National Physical Laboratory

Metrological Atomic Force Microscopy (MAFM)

Metrological Atomic Force Microscope

The atomic force microscope can be regarded as the window into the nanoworld with applications in imaging, metrology and manipulation. A metrological atomic force microscope is an AFM with traceable metrology, usually optical interferometry that measures the displacement between the AFM tip and the sample. A MAFM can be used to calibrate step height standards with nanometre uncertainty and lateral pitch standards with sub nanometre uncertainty. Currently, a number of new designs for the head for the metrological atomic force microscope are under way to produce a suite of versatile heads that can be used both for calibration of transfer artefacts and measurement of irregular surfaces.

Figure 1: Different scan trajectories obtained using routines from the Gwyscan library
Figure 1: Different scan trajectories obtained using
routines from the Gwyscan library




The Czech Metrology Institute (CMI) and NPL have jointly written as series of intelligent scanning routines (Gwyscan) for providing alternative scan trajectories, selective scanning, drift compensation and edge detection in order to increase the versatility of metrological AFMs.





We are also investigating measurement of the errors associated with high precision scanning stages used both in metrological atomic force microscopes and in general in nanopositioning applications. A suite of algorithms is being developed for the characterization of stages using calibration gratings.

Measurements made using an AFM of a UHV prepared silicon (111) surface
Figure 2: Image of silicon atomic stapes;
space between each ring 0.314 nm,
measured traceability with the optical
interferometer on the Tip Sample AFM


To further reduce the uncertainty of their calibration and that of measurements of non-periodic structures, it is important to understand the effect of the interaction between the AFM tip and the sample. Tip-sample interactions can give rise to apparent topographic features which, if uncorrected, can lead to erroneous dimensional measurements.

An atomic force microscope for studying the effects of tip sample interactions on dimensional measurements has been developed jointly with PTB. The instrument uses fibre interferometry to detect vertical deflection of the cantilever and provide a signal for servo control. An NPL Plane Mirror Differential Optical Interferometer is used for traceable measurement of vertical motion of the cantilever and an additional beam deflection system detects and additional cantilever bending. One of the first measurements made using the AFM was of a UHV prepared silicon (111) surface. Single monatomic steps (0.314 nm) have been resolved using the differential optical interferometer.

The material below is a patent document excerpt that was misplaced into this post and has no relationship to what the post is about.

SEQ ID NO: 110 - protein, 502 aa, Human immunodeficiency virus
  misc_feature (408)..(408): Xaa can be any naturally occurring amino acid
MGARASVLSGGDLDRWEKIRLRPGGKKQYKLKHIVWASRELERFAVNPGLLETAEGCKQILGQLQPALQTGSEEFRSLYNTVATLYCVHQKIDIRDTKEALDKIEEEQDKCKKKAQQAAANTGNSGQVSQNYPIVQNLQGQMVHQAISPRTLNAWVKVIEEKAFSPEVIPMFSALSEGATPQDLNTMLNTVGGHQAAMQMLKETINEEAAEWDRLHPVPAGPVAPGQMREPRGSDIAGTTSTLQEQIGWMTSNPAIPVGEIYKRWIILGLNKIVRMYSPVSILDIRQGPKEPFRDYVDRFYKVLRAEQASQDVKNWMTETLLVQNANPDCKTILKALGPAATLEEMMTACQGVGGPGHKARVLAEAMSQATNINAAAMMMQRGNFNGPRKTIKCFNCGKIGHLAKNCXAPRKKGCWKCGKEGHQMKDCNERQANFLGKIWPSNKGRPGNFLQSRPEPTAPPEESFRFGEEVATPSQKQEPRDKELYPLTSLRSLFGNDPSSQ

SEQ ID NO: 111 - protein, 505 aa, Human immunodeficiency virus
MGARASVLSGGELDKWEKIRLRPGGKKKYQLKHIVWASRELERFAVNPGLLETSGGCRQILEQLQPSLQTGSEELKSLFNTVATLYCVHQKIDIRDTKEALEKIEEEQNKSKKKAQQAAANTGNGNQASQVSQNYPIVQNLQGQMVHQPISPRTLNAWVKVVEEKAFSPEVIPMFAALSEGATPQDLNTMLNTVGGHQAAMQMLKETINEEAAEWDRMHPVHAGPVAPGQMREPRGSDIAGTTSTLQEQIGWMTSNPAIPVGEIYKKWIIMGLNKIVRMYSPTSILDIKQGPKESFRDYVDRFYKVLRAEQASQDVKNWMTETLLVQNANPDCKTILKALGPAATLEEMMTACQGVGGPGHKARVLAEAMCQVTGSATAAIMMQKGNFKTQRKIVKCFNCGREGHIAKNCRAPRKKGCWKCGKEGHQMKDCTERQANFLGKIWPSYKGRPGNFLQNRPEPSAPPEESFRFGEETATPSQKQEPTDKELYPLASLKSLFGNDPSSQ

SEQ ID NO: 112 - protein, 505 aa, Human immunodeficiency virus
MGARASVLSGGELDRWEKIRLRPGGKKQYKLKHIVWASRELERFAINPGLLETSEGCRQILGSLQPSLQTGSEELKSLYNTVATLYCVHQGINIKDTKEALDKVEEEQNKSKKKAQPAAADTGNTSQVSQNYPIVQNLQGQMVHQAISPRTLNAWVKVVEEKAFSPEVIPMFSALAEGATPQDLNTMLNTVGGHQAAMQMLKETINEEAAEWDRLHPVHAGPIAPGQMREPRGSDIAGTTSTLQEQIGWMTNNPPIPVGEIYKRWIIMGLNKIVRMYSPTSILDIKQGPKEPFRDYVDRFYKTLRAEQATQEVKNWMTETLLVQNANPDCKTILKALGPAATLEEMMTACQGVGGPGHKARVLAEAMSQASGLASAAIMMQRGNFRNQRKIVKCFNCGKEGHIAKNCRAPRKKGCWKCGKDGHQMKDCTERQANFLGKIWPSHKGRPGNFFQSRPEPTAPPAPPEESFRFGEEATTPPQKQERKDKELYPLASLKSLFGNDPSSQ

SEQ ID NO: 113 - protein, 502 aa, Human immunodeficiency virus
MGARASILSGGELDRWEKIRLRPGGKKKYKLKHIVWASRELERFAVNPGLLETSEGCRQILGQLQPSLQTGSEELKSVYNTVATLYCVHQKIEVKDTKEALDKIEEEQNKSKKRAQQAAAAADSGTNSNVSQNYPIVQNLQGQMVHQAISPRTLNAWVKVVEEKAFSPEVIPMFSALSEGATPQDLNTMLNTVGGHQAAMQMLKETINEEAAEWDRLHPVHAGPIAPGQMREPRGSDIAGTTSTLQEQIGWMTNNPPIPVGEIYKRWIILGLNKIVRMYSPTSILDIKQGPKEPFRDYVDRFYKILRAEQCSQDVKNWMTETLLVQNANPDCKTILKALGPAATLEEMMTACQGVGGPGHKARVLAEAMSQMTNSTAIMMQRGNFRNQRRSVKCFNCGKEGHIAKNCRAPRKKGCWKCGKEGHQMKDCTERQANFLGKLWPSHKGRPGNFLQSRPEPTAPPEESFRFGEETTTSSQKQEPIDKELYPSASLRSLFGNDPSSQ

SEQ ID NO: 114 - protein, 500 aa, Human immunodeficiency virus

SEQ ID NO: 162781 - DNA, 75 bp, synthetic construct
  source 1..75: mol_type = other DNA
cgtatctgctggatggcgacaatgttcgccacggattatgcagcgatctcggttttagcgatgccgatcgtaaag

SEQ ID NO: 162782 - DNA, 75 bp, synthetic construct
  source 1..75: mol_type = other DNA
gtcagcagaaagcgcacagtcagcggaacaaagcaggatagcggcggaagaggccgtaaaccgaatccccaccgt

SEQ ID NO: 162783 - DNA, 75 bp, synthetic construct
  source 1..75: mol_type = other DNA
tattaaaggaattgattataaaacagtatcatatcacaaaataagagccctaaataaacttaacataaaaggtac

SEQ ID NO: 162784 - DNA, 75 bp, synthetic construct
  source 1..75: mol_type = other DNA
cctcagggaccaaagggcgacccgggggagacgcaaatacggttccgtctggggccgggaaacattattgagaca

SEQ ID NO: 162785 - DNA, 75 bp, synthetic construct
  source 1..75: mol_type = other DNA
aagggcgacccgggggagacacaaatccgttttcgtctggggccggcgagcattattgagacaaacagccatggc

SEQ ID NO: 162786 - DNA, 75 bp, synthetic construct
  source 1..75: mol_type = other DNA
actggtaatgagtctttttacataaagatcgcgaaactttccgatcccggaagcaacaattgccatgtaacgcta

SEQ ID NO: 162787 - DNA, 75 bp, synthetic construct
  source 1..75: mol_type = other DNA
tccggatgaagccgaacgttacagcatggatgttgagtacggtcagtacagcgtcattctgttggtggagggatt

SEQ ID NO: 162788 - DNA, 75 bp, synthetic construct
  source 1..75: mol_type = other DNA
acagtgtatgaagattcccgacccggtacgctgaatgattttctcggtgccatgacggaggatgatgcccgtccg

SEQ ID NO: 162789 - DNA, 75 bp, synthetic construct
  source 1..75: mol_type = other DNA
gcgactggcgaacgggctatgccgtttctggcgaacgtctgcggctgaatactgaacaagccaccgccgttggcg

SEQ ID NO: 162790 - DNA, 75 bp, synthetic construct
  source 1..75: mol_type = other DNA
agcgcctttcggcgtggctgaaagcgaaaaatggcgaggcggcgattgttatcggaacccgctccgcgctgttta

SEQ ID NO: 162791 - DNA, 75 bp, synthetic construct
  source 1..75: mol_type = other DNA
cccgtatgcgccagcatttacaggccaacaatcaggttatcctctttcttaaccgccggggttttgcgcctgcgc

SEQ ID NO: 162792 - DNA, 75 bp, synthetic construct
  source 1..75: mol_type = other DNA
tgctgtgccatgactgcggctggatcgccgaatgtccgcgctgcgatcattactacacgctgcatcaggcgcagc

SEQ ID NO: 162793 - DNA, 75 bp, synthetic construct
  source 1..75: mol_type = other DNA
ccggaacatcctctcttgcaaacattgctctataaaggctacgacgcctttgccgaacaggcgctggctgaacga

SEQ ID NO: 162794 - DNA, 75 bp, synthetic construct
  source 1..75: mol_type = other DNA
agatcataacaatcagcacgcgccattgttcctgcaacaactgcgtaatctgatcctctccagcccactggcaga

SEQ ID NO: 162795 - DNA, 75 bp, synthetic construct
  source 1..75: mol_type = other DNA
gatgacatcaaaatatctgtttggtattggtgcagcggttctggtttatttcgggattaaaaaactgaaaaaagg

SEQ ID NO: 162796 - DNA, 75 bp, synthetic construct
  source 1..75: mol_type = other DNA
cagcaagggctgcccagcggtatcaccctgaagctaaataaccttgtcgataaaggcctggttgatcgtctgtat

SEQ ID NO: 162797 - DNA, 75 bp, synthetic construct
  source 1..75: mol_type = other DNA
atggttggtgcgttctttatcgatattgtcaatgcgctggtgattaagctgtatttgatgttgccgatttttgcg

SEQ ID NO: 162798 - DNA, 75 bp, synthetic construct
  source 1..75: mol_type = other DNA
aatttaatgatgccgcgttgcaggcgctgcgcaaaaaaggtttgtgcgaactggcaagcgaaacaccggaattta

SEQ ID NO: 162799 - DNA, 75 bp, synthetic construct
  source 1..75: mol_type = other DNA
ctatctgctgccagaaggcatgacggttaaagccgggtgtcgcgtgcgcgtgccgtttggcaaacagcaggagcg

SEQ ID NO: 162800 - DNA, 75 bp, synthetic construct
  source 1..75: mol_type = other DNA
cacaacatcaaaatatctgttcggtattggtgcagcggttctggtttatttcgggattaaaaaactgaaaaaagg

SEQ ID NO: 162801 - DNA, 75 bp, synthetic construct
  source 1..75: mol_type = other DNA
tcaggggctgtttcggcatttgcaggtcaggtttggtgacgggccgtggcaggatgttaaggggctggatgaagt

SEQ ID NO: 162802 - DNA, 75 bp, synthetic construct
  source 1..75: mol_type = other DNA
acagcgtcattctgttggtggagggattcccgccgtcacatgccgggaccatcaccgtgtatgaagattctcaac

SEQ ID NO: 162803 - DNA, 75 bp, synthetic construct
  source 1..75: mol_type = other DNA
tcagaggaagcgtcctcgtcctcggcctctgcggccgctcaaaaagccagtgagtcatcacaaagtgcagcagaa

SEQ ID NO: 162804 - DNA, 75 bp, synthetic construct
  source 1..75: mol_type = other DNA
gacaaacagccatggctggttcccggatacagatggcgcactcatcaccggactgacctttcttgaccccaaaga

EMRP project MechProNo: the mechanical properties of nanoobjects

NPL is providing the dimensional nanometrology for this EMRP project. AFM tips were reconstructed using both established and new software routines using traceable data from the Tip Sample Interaction AFM. Dimensional measurements were made of nano objects and effects of tip sample interactions on dimensional measurements were investigated.

For more information, please visit the project website

EMRP project 3D Nano

This European project is developing three dimensional traceable metrology for atomic force microscopy.

For more information, please visit the project website

NPL is developing electron beam deposited and carbon nanotube AFM tips, specifically for dimensional metrology and investigating tip sample interactions using fibre interferometry based detections systems and vector probing. A combined x-ray interferometer AFM facility is also being developed for high resolution pitch measurements.

Research team

  • Andrew Yacoot
  • Herve Dongmo
  • Edward Heaps
  • Andrew Lancaster
  • John Mountford

Recent publications


For more information, please contact Andrew Yacoot

Last Updated: 25 Sep 2017
Created: 25 Sep 2017


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